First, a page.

As we stare into the precipice of the Great Spring Arrival of late April/early May, the minds of birders continent-wide is undoubtedly on the expected (and in hopefully great numbers), but there’s time for the unexpected as well. The California “Mystery” Shrike of Mendocino County has returned, and long may it befuddle. After several days in which it was missing, the bird was found again this week, a little farther along in its molt. It came back to us looking less like a Red-backed and more like a Brown Shrike of a potentially unusual subspecies if I’m reading the tea leaves correctly, but there are still some question marks We may get an identification out of this one yet
Other continuing rarities include the near-permanent Sinaloa Wren in Santa Cruz, Arizona, though the Fieldfare in Nova Scotia seems to have finally vamoosed, as the last couple days have seen it missing from its incredibly reliable spot in the apple tree.
One potential 1st this week, a Crested Caracara seen by a great many birders on a golf course in Orange, New York. This is at least the third report of caracara in New York in the last year, but the first to be conclusively and reliably documented. Photos of this individual have shown it to be missing an eye, though that does not seem to impede it in any way. In any case, it may prove to be a clue to finding out whether this caracara explosion in the northeast consists of one or many birds.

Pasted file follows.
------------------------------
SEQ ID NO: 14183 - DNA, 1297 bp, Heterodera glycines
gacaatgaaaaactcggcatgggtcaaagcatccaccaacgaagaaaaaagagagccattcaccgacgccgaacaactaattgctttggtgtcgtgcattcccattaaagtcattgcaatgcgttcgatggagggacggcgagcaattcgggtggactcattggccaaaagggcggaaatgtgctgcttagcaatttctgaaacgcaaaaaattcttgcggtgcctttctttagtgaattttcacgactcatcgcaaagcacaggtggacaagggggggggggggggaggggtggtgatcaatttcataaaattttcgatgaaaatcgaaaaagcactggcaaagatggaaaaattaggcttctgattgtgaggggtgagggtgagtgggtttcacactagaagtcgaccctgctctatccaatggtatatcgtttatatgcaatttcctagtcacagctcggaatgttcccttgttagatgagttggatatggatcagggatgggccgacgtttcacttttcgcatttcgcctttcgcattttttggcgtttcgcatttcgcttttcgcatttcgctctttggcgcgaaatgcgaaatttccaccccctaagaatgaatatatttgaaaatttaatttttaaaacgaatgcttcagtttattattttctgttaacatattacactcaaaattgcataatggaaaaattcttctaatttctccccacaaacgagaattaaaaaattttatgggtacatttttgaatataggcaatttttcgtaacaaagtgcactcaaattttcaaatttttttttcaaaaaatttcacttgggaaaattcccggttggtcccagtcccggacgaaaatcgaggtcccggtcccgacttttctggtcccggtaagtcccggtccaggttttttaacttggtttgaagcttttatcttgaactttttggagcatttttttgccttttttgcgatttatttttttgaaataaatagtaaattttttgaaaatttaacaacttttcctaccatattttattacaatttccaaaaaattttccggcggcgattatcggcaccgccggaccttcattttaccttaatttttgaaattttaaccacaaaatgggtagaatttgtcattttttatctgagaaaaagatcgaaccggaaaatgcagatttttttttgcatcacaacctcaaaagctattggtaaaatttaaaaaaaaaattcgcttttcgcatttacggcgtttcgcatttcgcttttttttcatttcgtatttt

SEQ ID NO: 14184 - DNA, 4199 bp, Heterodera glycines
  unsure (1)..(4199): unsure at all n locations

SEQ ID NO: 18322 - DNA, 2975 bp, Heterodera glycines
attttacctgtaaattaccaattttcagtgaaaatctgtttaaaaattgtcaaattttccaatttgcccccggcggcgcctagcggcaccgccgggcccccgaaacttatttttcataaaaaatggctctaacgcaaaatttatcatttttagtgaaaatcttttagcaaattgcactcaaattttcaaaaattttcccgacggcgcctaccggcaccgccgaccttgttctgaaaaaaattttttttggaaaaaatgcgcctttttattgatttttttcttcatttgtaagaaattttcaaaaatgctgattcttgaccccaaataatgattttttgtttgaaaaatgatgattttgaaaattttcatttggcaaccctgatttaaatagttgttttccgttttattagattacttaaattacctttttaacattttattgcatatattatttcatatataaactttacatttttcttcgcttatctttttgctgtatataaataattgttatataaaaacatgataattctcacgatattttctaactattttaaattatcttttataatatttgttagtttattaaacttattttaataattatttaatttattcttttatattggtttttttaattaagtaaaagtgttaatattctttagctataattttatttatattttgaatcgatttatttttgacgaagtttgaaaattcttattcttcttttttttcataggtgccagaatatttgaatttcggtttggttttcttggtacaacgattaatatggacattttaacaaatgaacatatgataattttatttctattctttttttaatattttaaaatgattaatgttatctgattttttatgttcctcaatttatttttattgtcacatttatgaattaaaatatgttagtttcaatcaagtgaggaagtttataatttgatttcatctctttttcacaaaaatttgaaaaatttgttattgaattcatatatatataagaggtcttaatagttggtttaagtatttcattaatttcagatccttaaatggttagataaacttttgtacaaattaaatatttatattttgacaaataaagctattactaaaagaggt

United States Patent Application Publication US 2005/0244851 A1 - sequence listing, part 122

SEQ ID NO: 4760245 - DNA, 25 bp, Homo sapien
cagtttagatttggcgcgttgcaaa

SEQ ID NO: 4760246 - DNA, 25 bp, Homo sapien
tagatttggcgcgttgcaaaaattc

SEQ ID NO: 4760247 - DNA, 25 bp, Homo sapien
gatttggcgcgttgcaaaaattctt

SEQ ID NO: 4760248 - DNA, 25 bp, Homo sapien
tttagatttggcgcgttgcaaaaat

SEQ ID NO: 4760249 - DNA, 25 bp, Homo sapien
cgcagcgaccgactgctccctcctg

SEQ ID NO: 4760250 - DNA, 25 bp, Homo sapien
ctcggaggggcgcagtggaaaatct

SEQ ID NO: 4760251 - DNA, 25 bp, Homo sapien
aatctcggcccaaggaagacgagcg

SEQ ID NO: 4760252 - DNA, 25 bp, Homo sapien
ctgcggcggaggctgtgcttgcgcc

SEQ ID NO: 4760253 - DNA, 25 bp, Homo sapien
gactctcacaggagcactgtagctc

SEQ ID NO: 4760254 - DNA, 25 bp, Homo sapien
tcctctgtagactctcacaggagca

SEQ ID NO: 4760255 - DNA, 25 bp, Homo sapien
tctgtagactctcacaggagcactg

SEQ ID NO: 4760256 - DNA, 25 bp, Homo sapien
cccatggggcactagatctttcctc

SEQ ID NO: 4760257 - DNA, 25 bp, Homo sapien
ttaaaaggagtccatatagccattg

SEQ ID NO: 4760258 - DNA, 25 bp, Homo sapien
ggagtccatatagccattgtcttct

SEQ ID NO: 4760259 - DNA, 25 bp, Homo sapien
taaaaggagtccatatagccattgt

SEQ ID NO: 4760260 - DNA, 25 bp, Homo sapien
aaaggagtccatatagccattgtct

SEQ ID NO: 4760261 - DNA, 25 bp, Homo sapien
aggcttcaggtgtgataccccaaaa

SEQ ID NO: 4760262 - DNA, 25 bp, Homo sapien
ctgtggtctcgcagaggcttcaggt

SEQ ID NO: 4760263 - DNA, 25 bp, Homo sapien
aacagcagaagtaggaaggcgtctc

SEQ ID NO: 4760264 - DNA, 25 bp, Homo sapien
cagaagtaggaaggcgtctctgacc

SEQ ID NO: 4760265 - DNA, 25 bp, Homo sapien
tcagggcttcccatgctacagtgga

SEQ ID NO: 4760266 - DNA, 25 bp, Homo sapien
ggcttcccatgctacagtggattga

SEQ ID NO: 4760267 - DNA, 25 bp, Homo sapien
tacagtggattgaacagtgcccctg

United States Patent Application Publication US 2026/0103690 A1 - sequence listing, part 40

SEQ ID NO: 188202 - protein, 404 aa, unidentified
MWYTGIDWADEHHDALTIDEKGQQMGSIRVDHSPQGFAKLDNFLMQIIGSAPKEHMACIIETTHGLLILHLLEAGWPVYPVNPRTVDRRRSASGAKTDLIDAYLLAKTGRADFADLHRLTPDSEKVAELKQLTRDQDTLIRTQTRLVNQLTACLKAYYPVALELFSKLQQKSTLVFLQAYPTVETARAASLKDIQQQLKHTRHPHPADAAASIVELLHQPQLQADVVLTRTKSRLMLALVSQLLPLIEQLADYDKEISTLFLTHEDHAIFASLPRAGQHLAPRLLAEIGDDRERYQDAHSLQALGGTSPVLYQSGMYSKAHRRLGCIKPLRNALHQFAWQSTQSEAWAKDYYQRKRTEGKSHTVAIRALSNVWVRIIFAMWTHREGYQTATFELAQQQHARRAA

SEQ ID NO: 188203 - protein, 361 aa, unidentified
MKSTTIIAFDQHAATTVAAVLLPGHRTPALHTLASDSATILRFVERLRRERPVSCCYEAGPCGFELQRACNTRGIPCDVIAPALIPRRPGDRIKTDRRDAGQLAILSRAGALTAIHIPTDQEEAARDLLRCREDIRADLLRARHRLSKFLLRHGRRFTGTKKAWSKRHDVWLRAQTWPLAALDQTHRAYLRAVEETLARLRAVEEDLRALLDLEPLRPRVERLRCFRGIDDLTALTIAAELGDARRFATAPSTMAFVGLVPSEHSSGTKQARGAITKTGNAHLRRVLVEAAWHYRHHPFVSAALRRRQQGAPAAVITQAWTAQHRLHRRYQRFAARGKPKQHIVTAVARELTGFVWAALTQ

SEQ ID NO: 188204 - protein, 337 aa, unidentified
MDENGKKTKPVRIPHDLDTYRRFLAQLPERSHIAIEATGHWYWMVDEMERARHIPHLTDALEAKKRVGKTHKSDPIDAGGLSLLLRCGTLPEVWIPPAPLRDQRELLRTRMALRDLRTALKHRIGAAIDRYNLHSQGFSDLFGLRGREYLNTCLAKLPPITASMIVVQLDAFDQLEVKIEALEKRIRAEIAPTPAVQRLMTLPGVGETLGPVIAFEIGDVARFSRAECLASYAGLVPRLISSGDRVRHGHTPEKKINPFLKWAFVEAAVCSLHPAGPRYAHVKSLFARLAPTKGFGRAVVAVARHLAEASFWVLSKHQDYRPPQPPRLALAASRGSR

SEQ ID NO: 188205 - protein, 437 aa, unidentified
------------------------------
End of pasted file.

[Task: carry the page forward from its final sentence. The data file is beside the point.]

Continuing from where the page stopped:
New Jersey’s 3rd record of Chestnut-collared Longspur was found at Sandy Hook in Monmouth.
In Connecticut, a White-faced Ibis was photographed among Glossy Ibis (itself a good bird for the state) in Niantic, and a particularly unusual Mew Gull that is reportedly neither “Common” from Europe or “Short-billed” from western North America was in Milford.
In Massachusetts, a remarkable county of 4 (!) Swallow-tailed Kites came over a hawkwatch in North Truro.
New Brunswick had a Glossy Ibis in West Saint John.
In Quebec, a Pink-footed Goose (ABA Code 4) was in Lanaudière.
A Tricolored Heron is a notable bird at Point Pelee in Ontario.
In Indiana, a Neotropic Cormorant was discovered near Indianapolis.
Kansas had a Lesser Black-backed Gull in Wilson, as that species gets ever more regular in the interior of the continent.
In Colorado, a Common Black-Hawk was seen in Baca, in the far southeast corner of the state.
Montana had a Golden-crowned Sparrow visit a feeder in Missoula, that state’s 18th.
In New Mexico, a Western Gull in Sierra is exceptional away from the coast.
A pelagic out of Palm Beach, Florida, picked up a Red-billed Tropicbird (3) in addition to both Masked (3) and Brown Boobies (3).
And in South Carolina, a stint sp, that might have been either Red-necked or Little was seen, but not quite seen well enough, in Georgetown.
Omissions and errors are not intended, but if you find any please message blog AT aba.org and I will try to fix them as soon as possible. This post is meant to be an account of the most recently reported birds. Continuing birds not mentioned are likely included in previous editions listed here. Place names written in italics refer to counties/parishes.
Readers should note that none of these reports has yet been vetted by a records committee. All birders are urged to submit documentation of rare sightings to the appropriate state or provincial committees. For full analysis of these and other bird observations, subscribe to North American Birds <aba.org/nab>, the richly illustrated journal of ornithological record published by the ABA.